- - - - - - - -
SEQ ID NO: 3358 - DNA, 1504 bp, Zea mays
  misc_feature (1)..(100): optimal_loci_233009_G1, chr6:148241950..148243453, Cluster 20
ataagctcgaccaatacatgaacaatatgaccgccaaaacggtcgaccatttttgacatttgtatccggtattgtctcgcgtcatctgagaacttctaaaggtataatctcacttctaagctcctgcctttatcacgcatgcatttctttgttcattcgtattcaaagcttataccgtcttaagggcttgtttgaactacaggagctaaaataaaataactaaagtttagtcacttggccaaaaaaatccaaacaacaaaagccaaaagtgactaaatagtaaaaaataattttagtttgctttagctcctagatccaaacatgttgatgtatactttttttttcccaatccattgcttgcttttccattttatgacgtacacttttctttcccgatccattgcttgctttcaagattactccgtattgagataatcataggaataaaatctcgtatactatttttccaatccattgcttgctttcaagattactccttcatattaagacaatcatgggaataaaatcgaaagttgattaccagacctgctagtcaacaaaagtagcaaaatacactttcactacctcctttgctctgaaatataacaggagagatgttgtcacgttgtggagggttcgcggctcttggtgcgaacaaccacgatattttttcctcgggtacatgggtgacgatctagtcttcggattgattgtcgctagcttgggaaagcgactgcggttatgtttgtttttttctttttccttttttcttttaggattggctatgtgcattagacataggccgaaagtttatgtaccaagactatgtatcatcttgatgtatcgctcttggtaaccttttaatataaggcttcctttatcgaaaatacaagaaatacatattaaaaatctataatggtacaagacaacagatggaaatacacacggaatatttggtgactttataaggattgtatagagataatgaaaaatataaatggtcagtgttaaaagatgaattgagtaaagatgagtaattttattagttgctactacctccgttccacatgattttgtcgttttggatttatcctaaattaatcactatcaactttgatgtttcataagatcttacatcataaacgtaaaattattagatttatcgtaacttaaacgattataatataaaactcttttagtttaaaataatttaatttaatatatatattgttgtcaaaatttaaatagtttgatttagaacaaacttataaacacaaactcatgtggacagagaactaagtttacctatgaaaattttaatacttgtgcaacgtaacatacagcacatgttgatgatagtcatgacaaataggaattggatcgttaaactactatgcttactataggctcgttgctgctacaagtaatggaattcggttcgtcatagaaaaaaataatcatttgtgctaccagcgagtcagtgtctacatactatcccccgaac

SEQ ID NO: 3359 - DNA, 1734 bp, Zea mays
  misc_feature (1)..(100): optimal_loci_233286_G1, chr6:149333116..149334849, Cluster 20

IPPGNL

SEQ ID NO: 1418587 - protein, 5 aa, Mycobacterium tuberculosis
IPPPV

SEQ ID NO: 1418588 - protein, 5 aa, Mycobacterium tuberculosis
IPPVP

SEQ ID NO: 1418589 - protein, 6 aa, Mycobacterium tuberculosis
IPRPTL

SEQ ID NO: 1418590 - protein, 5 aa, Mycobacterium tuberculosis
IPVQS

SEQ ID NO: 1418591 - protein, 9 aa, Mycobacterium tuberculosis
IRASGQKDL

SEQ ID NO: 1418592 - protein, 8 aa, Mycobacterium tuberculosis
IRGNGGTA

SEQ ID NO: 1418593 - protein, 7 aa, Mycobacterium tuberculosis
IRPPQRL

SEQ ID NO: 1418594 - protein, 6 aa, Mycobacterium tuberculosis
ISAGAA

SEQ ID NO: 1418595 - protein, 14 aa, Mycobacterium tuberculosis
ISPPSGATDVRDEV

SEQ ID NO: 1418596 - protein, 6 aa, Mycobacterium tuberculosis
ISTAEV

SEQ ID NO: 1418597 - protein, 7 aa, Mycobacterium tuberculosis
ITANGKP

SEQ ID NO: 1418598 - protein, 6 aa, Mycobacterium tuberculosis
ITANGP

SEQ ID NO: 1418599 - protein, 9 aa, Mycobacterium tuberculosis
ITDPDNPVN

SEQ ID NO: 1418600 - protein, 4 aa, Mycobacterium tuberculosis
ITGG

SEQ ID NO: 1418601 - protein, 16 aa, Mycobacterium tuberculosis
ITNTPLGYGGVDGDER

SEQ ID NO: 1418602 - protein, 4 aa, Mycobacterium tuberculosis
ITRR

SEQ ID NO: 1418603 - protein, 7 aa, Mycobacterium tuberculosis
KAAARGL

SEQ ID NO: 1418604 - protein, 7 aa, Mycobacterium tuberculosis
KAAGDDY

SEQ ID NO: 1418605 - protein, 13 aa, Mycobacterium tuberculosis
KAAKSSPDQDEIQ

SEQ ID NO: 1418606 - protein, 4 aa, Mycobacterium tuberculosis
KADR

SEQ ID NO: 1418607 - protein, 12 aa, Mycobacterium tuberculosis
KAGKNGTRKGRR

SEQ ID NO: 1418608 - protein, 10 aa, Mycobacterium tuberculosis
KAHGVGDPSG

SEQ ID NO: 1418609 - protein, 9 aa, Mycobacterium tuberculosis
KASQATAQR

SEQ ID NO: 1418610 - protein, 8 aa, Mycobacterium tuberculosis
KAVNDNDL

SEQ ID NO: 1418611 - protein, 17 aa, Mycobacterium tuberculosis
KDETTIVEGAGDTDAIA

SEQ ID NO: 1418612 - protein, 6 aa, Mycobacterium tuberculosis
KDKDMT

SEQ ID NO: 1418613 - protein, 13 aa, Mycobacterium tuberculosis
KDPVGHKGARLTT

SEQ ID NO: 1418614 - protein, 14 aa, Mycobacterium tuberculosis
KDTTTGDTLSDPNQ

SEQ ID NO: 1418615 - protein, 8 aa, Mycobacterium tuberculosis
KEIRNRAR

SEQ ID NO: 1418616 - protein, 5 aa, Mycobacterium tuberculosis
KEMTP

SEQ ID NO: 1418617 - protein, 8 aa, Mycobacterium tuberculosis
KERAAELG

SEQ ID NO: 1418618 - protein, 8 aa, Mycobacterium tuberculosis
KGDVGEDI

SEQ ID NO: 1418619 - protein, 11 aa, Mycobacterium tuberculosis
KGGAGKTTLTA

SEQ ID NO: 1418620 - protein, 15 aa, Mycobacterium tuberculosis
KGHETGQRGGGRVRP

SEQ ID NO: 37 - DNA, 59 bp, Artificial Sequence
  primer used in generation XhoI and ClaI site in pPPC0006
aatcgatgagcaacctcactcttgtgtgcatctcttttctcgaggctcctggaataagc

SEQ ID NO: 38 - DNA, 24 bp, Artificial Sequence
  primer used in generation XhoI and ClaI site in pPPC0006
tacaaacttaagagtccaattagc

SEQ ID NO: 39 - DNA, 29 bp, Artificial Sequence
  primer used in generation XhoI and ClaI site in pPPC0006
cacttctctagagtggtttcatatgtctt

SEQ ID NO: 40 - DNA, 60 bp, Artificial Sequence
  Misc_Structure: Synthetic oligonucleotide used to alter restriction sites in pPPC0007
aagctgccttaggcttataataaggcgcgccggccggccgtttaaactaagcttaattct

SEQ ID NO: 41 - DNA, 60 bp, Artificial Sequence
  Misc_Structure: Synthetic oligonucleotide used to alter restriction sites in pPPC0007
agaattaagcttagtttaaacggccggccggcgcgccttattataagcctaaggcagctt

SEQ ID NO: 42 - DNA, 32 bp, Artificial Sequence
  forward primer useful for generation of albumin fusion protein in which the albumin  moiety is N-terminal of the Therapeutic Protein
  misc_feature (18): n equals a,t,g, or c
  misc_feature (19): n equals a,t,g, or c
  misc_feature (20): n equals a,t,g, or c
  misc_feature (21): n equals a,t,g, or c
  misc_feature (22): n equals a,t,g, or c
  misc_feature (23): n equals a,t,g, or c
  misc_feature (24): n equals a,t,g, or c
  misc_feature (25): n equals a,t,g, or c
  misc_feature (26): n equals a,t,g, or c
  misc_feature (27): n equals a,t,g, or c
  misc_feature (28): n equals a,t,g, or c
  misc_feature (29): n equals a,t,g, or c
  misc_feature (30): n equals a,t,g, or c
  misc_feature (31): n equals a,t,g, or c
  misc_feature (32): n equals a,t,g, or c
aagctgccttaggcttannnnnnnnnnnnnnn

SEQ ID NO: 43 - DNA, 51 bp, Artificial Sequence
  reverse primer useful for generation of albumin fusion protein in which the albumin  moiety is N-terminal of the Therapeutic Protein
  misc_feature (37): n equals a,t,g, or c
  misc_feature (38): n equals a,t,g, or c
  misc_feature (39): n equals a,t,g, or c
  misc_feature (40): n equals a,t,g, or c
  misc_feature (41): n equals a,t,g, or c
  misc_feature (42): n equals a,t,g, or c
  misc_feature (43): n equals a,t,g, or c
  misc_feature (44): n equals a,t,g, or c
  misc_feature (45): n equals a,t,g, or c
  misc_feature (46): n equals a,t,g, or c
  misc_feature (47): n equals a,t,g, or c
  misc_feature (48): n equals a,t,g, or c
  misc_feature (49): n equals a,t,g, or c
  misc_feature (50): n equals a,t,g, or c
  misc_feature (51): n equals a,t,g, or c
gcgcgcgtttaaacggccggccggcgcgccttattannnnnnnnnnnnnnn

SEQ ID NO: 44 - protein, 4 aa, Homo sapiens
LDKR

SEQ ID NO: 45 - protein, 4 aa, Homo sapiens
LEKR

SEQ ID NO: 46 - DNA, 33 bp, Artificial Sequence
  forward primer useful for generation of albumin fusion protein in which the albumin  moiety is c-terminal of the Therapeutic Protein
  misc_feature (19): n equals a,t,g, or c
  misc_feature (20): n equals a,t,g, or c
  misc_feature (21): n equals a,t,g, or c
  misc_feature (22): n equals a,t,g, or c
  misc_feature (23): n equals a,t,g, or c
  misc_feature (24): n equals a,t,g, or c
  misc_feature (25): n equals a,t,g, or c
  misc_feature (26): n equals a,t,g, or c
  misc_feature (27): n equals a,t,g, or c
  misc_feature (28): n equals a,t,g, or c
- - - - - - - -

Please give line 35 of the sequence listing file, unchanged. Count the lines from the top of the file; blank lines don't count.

SEQ ID NO: 1418601 - protein, 16 aa, Mycobacterium tuberculosis